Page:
If you've only ever heard the 1987 CD release i wholeheartedly recommend you purchase the remaster. The sound is really full, good bass sound, the guitars ringingly crisp and clear. And of all the Beatles ALbums Help! has by far the best stereo spread - great to listen on headphones from 1st track to last.

On many tracks on Help! the Beatles continue the country tinged feel of some of its predecessor (Beatles for Sale - also a great remaster)but the highlight is Ticket to Ride which is now heavier than ever - superb, it really hits home with the droning repeated chord to the fore.

However, no amount of remastering can salvage Dizzy Miss Lizzy which provides a disappointing end to an album that is due reappraisal.
Help other customers find the most helpful reviews 
Was this review helpful to you? Yes No


3 of 3 people found the following review helpful
5.0 out of 5 stars Alternate George vocal?, 29 May 2010
This review is from: Help [DVD] [1965] (DVD)
Just been revisiting the DTS soundtrack of this excellent release and noticed that George Harrison's double-tracked vocals on 'I Need You' appear to be a different take to that included on the various mono and stereo vinyl / CD issues. His phrasing isn't quite the same.

Anybody else noticed?
Help other customers find the most helpful reviews 
Was this review helpful to you? Yes No


20 of 23 people found the following review helpful
3.0 out of 5 stars A bit disappointing really, 14 Nov 2007
This review is from: Help [DVD] [1965] (DVD)
Watched both discs in one sitting last night.

Disc 1 is the film and beyond options for subtitles in various languages there are non extras. It's a sparklng restoration and the sound is perfect. When they're indoors in their terraced house pad for the first time you see that their suits have a light pin stripe. George is reveled as sometimes looking tired a bit spotty.

But the extras disc is vexing. The missing scene is not that - it's folks talking about the missing scene with a few stills. But when you look at the three trailers included, two include another missing scene of the band drivng cars on an beach. The extra docs include some shots with clapperboards that clearly demonstrate that more footage survives - where is this footage? And the two docs about the film (not the one on the restroation) rely on a boring static talking head approach that doesn't make for gripping viewing - although seeing Neil Aspinall without a hat for the first time is quite something. Richard Lester is genial, but most of the folks who talk don't offer anything new. For example, it's said that Epstein wanted filming to take place in the Bahamas - but it is not said why. Couldn't a little extra effort have been put into these extras? It is The Beatles after all.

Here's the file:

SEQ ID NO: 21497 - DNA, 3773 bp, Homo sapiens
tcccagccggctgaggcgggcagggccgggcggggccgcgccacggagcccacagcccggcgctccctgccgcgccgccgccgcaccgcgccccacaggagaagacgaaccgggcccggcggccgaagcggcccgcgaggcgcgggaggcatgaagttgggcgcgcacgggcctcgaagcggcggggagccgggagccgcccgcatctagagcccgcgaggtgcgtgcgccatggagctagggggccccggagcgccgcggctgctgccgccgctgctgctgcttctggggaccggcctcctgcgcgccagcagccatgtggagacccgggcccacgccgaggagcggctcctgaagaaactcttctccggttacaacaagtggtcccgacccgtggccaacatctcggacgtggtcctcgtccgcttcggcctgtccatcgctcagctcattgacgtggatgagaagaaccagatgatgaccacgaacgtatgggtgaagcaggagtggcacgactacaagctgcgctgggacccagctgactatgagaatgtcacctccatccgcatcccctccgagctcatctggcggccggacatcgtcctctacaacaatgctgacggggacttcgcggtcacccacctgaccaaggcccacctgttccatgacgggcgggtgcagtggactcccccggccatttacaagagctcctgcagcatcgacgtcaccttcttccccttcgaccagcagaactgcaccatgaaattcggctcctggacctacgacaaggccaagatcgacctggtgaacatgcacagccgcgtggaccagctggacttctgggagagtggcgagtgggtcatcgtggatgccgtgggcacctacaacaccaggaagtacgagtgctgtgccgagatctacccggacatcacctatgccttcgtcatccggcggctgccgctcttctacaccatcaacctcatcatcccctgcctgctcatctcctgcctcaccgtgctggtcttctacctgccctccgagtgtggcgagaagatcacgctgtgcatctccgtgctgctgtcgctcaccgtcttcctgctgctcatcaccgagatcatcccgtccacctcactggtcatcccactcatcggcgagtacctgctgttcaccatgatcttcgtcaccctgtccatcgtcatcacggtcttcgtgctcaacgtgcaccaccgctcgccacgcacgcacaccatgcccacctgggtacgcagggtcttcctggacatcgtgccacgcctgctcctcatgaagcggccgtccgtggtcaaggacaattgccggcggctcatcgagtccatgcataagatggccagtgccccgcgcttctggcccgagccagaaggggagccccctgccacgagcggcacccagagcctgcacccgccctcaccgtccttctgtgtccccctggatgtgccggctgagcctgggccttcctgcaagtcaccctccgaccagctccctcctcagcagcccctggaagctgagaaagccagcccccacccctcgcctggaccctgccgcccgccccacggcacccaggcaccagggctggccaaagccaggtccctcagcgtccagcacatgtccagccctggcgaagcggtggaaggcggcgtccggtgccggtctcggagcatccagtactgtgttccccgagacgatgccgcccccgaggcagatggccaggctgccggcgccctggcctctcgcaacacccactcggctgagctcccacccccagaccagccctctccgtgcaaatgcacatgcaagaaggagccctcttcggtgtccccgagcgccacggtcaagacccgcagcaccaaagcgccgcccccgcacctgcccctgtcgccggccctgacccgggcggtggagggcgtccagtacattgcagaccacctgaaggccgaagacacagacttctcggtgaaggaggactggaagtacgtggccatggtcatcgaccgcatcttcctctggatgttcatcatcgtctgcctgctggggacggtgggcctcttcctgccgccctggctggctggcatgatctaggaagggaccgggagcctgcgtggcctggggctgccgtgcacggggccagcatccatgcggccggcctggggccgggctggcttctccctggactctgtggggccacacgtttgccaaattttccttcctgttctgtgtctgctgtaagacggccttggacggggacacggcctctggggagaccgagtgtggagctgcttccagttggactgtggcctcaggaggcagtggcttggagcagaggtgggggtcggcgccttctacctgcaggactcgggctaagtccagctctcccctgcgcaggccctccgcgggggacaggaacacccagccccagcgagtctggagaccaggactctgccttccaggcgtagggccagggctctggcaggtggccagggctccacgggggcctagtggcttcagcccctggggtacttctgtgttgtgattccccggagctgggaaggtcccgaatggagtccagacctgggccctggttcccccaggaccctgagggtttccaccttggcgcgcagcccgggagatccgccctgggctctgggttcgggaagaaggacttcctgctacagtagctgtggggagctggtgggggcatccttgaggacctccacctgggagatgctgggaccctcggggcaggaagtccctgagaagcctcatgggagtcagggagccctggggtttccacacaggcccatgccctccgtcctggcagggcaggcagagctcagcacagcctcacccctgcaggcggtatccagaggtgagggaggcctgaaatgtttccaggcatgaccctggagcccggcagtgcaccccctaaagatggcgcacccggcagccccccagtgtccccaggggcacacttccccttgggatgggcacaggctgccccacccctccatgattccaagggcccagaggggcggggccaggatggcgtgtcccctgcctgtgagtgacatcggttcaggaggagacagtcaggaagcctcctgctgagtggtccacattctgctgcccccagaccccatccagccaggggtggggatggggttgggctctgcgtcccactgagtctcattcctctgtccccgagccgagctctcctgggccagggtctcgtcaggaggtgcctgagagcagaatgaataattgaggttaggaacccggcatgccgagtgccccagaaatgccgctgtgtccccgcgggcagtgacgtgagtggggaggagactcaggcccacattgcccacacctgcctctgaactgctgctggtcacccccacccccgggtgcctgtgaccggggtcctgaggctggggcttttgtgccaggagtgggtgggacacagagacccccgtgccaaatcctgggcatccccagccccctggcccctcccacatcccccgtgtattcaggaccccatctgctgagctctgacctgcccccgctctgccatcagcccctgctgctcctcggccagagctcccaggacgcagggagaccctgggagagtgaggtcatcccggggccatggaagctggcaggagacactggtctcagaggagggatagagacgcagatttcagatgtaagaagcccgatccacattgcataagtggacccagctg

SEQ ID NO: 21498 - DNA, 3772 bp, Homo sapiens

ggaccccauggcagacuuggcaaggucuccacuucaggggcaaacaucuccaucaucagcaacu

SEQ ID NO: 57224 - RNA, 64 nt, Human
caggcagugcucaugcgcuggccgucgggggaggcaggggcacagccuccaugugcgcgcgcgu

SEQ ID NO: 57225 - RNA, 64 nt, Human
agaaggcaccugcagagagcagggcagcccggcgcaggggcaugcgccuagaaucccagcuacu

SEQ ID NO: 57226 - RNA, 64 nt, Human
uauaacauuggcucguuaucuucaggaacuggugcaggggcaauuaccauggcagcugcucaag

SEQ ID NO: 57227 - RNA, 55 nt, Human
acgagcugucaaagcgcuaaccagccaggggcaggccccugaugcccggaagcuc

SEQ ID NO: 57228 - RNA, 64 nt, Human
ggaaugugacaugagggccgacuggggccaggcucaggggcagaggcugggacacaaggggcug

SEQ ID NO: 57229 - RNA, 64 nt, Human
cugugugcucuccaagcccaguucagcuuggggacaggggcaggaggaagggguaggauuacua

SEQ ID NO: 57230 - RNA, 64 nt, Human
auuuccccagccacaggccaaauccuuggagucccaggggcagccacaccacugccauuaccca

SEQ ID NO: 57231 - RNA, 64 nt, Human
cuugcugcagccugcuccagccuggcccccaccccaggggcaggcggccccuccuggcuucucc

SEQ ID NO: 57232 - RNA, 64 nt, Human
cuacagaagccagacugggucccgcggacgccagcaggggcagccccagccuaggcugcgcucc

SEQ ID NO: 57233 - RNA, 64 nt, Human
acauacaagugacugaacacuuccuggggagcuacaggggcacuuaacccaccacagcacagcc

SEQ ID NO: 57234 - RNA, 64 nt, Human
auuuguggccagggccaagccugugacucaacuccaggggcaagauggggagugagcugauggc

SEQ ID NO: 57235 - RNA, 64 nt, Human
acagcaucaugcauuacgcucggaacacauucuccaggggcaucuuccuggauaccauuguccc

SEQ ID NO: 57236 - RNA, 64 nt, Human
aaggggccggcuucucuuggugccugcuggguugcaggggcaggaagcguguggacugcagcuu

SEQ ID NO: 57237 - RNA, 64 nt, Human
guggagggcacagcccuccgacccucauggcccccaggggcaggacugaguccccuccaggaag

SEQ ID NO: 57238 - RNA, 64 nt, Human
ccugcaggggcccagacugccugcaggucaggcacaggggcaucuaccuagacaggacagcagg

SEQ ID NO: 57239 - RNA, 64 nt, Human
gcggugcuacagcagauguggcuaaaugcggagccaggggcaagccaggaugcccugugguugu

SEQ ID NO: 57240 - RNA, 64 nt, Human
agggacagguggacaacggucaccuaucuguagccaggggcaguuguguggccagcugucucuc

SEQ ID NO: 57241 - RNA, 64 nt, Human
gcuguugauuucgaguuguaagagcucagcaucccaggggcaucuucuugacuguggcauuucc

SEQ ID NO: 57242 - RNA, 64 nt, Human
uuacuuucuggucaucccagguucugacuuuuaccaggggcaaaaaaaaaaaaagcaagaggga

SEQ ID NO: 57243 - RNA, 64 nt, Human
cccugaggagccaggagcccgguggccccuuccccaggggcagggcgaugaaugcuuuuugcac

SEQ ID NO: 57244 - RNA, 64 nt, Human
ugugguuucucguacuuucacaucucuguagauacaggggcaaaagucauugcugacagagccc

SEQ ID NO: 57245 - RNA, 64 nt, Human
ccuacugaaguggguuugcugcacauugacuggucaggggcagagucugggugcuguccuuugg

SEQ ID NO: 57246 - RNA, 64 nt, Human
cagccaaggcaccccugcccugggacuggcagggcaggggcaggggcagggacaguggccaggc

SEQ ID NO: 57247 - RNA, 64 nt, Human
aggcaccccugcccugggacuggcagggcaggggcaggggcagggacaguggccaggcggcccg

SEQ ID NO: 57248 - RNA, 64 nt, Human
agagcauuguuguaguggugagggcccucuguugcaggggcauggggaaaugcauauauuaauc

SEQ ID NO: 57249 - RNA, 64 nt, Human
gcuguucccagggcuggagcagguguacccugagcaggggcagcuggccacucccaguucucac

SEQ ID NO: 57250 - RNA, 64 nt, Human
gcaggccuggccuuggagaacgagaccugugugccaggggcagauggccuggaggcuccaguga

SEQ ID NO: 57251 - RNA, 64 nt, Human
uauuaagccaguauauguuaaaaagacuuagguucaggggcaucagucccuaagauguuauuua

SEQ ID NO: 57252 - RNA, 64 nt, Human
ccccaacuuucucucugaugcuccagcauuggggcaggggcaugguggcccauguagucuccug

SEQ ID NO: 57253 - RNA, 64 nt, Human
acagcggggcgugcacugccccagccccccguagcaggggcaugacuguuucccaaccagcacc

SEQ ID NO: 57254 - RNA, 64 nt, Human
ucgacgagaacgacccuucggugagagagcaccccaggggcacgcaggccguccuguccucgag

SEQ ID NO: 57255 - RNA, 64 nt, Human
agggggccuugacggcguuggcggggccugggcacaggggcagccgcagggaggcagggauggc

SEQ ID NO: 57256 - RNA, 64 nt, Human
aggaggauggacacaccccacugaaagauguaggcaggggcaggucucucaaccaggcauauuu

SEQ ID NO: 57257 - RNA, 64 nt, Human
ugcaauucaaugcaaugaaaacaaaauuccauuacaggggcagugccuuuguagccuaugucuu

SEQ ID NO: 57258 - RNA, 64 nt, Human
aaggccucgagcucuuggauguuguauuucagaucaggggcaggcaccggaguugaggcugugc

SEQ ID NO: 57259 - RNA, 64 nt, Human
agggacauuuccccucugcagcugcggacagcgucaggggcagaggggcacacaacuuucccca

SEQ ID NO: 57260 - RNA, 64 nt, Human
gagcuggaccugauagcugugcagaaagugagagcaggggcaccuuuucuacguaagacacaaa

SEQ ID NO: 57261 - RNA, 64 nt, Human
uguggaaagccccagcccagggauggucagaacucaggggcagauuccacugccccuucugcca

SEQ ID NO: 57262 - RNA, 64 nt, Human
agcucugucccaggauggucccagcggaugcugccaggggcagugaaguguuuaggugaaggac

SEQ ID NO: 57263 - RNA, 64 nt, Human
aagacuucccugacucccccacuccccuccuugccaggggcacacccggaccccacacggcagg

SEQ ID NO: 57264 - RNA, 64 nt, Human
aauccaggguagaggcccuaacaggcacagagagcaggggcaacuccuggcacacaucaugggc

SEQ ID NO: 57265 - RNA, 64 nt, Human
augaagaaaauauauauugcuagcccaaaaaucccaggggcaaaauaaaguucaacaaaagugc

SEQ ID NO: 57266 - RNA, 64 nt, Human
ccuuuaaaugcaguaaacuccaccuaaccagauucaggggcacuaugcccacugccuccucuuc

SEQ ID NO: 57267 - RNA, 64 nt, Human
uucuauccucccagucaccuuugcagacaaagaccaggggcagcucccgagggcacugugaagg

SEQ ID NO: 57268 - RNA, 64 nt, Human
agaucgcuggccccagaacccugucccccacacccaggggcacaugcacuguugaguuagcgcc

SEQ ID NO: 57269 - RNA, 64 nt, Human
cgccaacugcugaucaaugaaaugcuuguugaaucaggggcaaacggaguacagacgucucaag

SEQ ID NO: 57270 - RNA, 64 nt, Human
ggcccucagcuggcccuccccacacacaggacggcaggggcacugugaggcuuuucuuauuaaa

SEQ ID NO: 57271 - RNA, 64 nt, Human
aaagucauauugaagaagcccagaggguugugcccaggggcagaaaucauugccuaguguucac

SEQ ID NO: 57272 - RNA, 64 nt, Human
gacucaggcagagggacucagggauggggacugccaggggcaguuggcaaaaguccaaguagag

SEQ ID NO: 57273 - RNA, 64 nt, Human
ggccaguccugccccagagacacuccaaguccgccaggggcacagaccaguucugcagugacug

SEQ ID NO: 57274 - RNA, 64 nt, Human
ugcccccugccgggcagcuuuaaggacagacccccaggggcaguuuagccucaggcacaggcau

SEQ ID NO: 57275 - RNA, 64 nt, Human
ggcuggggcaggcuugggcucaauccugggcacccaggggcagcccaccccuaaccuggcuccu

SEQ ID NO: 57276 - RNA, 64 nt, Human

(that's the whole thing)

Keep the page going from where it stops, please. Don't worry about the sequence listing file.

Help other customers find the most helpful reviews 
Was this review helpful to you? Yes No


2 of 2 people found the following review helpful
5.0 out of 5 stars Help!, 1 Jan 2014
By 
S Riaz "S Riaz" (England) - See all my reviews
(TOP 10 REVIEWER)    (VINE VOICE)    (HALL OF FAME REVIEWER)   
Verified Purchase(What is this?)
This review is from: Help [DVD] [1965] (DVD)
Although I had this film many years ago on video, I had never seemed to replace it with a DVD copy. I am so glad I did, as not only is the film great fun, but this 2 DVD set has some interesting extras. It was the film where Lennon complained the Beatles were 'extras' in their own movie and the middle of their love affair with pot, which saw them giggling throughout and testing Director Richard Lester to the limit. However, Lester was a wise man, who had already had a great success with the documentary style "A Hard Day's Night" and he wisely knew both the Beatles talents and their limitations. With a bigger budget, colour film and a cast of actors to help carry them, he created a fun and zany romp, even if the plot was a little weak. With the Beatles providing the music, what could go wrong?

If the plot itself (an Eastern cult is unable to carry out their ritual sacrifice, as Ringo has been given the ring, leading to them being chased around various locations - you can almost hear Brian Epstein's relayed requests, "the boys have never been ski-ing" and "can we film in the Bahamas?!" - with Victor Spinetti and Roy Kinnear as a mad scientist and his assistant in hot pursuit) is not strong, the music is wonderful and Lester manages to almost invent the music video out of necessity. Ringo having shown his acting talent in their first movie is wisely given the main part and has natural, comic timing. The other Beatles, although apparently unable to learn their lines, manage to be adequate at least and the entire film has a really good feel about it.